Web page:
These are weak and fearful public servants that are abusing their power because of their weakness and all sort of monetary incentives put in place by the "drug war" policies of rewarding judges and prosecutors, police departments officer for locking people away at whatever cost and for whatever reason , the only outcome to this mix is a rampant abuse of the citizenry rights, including institutionalized rape.

Sad state of affairs we are in and unless the ACLU, civil right organization and every single one us get our act together and start pushing back to this travesty, our bun holes will be next.

Anonymous

I do not understand what the big issue is in regards to the events that had taken place. The person that had been pulled over was pulled over for a reason, of which he failed to follow the standard law of stopping at a stop sign. The article then states that the man had "committed the highly suspicious act of clenching his buttocks." Of which, he put all attention on himself and his anus.

The context of this article seems misguided and appears to have been written in angst of the "drug war". Everything the driver had done, he allowed himself to do, and frankly, he called all the attention to himself. There is nothing the law enforcement had done that they shouldn't have.

I would suggest clearing up facts versus bias opinions, as this makes you as guilty as the government that is failing this country.

Anonymous

Even worse outcome on this story is that I've read that after the police ordered the invasive procedures and forced him to submit, after no drugs were found and he was released, the hospital billed him, not the police department, for the procedures.

James W. Harris

I think the commenter above, #5, is absolutely right. This guy Eckert brought it on himself. If he had not clinched his buttocks, he would not have had to have been tortured and detained.

Anyone who clinches his buttocks in the presence of police has got to expect consequences.

He could have had a bomb concealed in his anus instead of possibly drugs. Maybe even a nuclear weapon of some sort. He is lucky the police kept their heads. He could have ended up in a secret prison somewhere, never heard from again. Or obliterated by drones.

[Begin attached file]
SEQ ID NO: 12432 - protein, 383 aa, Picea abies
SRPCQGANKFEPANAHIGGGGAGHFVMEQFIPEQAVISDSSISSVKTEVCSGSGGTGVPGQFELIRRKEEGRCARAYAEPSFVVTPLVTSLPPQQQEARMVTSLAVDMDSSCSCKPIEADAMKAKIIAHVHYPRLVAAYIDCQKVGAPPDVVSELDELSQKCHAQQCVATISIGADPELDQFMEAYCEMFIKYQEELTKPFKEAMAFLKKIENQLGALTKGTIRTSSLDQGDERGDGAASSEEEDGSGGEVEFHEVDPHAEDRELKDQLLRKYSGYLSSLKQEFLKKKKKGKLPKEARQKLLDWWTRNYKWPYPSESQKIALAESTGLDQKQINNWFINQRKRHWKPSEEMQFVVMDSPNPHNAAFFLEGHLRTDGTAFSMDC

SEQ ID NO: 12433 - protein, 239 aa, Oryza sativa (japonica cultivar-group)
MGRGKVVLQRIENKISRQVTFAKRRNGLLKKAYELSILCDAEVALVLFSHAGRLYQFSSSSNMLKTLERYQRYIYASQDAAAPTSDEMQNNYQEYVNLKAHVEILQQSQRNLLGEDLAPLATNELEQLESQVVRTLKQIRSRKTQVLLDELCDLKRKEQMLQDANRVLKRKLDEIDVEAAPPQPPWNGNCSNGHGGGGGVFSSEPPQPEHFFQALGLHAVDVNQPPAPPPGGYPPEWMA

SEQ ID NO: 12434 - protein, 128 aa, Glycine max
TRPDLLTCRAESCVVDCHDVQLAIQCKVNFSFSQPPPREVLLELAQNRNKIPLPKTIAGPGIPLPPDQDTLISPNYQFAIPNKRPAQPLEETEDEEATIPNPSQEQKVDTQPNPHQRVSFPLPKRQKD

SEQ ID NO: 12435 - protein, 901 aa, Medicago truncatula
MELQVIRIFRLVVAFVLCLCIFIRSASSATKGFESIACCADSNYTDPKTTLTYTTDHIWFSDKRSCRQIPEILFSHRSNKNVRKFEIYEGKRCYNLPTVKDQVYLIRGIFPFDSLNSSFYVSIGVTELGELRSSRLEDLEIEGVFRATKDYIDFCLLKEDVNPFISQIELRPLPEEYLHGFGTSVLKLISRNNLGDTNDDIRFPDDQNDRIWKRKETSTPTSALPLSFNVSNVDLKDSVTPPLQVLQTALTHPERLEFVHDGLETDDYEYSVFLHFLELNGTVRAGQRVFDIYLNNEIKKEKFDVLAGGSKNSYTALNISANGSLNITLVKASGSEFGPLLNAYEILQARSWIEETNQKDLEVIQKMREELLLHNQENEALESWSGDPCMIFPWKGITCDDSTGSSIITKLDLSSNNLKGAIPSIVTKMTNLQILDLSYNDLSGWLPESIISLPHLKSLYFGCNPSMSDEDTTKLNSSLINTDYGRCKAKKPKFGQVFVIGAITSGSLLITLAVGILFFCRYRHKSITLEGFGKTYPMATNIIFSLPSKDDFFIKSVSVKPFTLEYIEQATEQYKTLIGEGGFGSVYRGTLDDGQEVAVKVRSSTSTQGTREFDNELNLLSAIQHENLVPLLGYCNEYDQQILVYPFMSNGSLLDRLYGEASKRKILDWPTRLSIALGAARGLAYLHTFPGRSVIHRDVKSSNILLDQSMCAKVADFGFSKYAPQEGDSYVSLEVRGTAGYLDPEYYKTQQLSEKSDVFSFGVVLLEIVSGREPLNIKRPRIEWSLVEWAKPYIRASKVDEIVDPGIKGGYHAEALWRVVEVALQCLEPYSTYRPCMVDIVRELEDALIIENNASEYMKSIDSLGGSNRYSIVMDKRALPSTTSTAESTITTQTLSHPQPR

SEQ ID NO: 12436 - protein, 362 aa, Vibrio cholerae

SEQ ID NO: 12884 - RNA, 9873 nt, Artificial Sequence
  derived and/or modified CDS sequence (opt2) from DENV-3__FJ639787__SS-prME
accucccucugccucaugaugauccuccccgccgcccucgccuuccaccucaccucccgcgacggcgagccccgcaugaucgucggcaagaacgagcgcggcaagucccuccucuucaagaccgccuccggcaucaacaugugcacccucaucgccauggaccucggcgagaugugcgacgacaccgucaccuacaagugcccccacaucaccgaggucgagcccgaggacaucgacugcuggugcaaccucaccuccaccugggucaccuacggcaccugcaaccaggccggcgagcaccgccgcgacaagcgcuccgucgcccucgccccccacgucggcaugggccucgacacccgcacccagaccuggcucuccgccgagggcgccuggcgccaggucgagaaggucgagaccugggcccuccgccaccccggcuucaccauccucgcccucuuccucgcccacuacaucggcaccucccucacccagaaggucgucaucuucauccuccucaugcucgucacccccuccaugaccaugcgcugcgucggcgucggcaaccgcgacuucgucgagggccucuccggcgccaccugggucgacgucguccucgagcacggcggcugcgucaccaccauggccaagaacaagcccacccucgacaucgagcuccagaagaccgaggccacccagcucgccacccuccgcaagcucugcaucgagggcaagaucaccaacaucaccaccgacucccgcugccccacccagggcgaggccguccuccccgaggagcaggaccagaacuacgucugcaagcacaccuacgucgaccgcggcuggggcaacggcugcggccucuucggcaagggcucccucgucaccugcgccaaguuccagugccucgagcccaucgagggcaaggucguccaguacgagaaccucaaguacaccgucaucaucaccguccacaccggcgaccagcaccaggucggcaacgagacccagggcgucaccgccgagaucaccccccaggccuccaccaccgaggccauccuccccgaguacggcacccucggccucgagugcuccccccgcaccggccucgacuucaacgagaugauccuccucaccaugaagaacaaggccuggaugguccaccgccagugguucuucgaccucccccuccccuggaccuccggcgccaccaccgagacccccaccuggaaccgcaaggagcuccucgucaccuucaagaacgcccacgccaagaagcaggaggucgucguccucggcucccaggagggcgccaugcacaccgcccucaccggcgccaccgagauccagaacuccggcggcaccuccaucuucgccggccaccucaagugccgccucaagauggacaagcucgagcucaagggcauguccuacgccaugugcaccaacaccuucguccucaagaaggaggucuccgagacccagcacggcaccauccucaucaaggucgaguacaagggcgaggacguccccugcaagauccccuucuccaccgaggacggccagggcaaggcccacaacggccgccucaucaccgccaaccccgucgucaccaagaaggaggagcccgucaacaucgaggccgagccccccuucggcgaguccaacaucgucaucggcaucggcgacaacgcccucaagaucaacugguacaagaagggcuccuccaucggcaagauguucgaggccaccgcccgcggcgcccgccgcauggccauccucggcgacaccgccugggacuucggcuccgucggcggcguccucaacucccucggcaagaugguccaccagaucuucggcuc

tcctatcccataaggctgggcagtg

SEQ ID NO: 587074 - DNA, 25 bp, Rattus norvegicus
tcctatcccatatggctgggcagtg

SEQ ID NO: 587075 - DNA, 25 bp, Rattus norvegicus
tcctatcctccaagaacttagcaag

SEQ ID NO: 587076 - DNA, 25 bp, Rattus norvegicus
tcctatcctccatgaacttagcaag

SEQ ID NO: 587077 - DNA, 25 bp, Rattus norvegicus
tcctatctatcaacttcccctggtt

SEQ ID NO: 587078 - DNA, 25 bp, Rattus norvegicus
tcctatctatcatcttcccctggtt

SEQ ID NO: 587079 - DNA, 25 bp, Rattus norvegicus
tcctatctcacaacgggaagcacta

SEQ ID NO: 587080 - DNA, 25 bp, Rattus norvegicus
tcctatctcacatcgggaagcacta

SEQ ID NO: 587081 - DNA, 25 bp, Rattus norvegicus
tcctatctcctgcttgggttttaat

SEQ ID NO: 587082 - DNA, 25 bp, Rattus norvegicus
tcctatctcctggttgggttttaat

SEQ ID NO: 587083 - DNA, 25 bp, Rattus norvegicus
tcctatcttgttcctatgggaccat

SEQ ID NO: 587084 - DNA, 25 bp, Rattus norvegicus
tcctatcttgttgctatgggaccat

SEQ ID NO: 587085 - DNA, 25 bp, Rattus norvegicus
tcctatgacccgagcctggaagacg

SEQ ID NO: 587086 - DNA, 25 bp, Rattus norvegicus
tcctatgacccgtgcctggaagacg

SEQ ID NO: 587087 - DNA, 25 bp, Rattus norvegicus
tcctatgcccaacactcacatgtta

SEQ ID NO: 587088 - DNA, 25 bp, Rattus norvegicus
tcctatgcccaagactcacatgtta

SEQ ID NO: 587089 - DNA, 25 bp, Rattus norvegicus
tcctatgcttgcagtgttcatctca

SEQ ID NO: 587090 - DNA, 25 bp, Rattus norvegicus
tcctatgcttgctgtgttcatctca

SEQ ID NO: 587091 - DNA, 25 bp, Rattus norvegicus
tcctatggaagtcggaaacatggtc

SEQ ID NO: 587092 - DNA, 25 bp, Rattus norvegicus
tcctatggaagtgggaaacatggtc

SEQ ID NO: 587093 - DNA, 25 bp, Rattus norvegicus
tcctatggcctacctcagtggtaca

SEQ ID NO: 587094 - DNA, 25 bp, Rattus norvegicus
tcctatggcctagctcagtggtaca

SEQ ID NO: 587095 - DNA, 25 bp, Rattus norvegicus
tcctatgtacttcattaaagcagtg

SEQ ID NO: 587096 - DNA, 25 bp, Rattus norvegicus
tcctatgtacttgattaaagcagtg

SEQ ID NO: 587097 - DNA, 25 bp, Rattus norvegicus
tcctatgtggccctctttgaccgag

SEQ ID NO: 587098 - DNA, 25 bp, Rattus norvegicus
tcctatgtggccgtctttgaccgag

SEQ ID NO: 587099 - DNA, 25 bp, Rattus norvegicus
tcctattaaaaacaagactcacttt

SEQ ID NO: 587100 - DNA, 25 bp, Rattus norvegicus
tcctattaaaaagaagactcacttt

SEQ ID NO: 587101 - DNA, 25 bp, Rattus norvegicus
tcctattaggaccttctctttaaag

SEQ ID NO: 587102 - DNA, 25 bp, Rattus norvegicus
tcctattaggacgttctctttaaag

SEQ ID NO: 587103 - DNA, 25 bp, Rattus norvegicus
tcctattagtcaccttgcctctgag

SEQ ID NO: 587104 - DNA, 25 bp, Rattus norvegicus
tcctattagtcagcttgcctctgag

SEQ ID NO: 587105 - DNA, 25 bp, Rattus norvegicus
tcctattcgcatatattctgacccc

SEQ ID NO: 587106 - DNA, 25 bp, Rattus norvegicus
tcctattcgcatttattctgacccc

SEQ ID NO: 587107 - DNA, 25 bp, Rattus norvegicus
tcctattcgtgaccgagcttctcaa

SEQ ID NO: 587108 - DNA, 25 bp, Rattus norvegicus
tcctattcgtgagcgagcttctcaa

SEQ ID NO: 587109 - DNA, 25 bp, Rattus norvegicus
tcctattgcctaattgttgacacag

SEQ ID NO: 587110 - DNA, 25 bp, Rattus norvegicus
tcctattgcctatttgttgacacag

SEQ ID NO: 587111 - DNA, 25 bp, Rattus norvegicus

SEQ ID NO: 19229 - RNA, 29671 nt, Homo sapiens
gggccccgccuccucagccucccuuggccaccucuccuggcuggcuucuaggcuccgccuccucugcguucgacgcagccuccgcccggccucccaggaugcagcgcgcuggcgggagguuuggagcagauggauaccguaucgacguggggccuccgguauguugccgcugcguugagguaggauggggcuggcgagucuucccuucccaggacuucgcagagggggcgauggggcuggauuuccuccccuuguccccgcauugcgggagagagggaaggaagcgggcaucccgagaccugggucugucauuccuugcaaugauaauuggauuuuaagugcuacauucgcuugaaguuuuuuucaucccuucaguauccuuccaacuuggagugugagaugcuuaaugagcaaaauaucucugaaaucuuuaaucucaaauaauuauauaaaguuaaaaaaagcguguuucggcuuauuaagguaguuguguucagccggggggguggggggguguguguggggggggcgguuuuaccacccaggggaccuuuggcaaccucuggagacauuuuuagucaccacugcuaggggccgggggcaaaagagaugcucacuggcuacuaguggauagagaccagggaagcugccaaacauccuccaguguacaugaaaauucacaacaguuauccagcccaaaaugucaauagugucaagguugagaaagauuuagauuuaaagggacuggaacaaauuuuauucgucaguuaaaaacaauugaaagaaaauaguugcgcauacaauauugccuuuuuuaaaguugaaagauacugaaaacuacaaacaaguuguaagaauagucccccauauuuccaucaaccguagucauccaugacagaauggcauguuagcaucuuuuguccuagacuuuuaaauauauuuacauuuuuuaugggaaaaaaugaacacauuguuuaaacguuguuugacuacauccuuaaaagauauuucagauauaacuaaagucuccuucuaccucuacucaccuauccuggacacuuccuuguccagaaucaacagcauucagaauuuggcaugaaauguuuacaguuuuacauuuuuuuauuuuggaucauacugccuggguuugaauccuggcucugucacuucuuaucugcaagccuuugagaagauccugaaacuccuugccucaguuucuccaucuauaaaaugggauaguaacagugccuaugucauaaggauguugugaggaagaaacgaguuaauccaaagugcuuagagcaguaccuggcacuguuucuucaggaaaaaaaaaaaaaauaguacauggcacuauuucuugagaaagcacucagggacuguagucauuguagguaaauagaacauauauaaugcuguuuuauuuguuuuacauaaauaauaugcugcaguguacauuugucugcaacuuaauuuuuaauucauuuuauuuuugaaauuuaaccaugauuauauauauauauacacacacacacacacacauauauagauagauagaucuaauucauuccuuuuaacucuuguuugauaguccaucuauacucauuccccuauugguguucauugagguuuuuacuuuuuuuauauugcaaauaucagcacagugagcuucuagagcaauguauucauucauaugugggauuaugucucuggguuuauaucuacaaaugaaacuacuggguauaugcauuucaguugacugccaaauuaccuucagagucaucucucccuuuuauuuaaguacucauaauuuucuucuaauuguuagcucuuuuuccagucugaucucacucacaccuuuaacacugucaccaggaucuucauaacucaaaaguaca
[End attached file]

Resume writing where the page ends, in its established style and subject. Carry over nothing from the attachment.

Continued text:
The police have a hard job to do. Citizens clinching their buttocks, whether deliberately or without thinking, just make it harder for the thin blue line to do its job of saving us from terrorists and drug dealers and aliens from Mexico and aliens from outer space and Deros and endless other menaces.

Support your local police for a stronger police state!

Anonymous

I get so tired of hearing about this great country being built on blood,sweat, ect... blah, blah, blah. the first thing the very first American did was Steal. He stole the land were standing on right now from the natives. And weve been stealing with both hands ever since, All over the world. And in the last 60 years the good old USA has been selling dope and imprisoning her own citizens to suppliment her income. If you still beleive that outlaws can "smuggle" dope onto the continental US you need to snap out of it and read some books. The poor people of this great country are working so hard to make ends meet with the artificial 50 to 60 hr work week their too tired to question anything. Frankly I dont know how anyone was surprised when passenger jets hit our bldgs. Still the best place in the world to live. Just dont take it personal when the rest of the world dislikes you. Happy Holidays

Edward Duree

I believe that Fourth Amendment law must grow. In the last two decades, reasonableness has gone through some transformation into a balancing test to excuse warrants. That test should be included in all searches, with or without a warrant. Examining the totality of circumstances, a search's reasonableness includes an assessment of the degree to which a search promotes a legitimate governmental interest, balanced against the degree to which it intrudes upon an individual's privacy. The reasonableness of a search does not depend solely on probable cause, although that is required, but also upon the nature and magnitude of the intrusion. Both a person's security, an essentially trespassory interest, and privacy must be viewed as sine qua nons of Fourth Amendment law.
Obviously, the prospect of finding a small amount of a controlled substance weighed against what is an arrest and forced penetration of a person's anus is unreasonable. If the perpetrator did not wear a badge, he would be charged with the crime of false imprisonment and kidnapping for purposes of sexual assault, and forcible penetration of a person's anus with a foreign object. These are major violent felony crimes that carry long prison terms. In this context the government had no legitimate interest in perpetrating such crimes to attemt to discover a lesser nonviolent crime. Even with probable cause, the threshold of which requires less and less evidence, it is nevertheless an unreasonable search by any moral standard except one that exempts government from moral standards.

Anonymous

Commenter number 9 has written a summary that is correct for all U.S. legal jurisdictions. To commenters #5, #7, and all who agree with their viewpoints as stated above, I say this: May your ass cheeks clench involuntarily when you next see injustice aproaching you. That will be justice to those that that are blind to right vs. wrong and legal vs. illegal.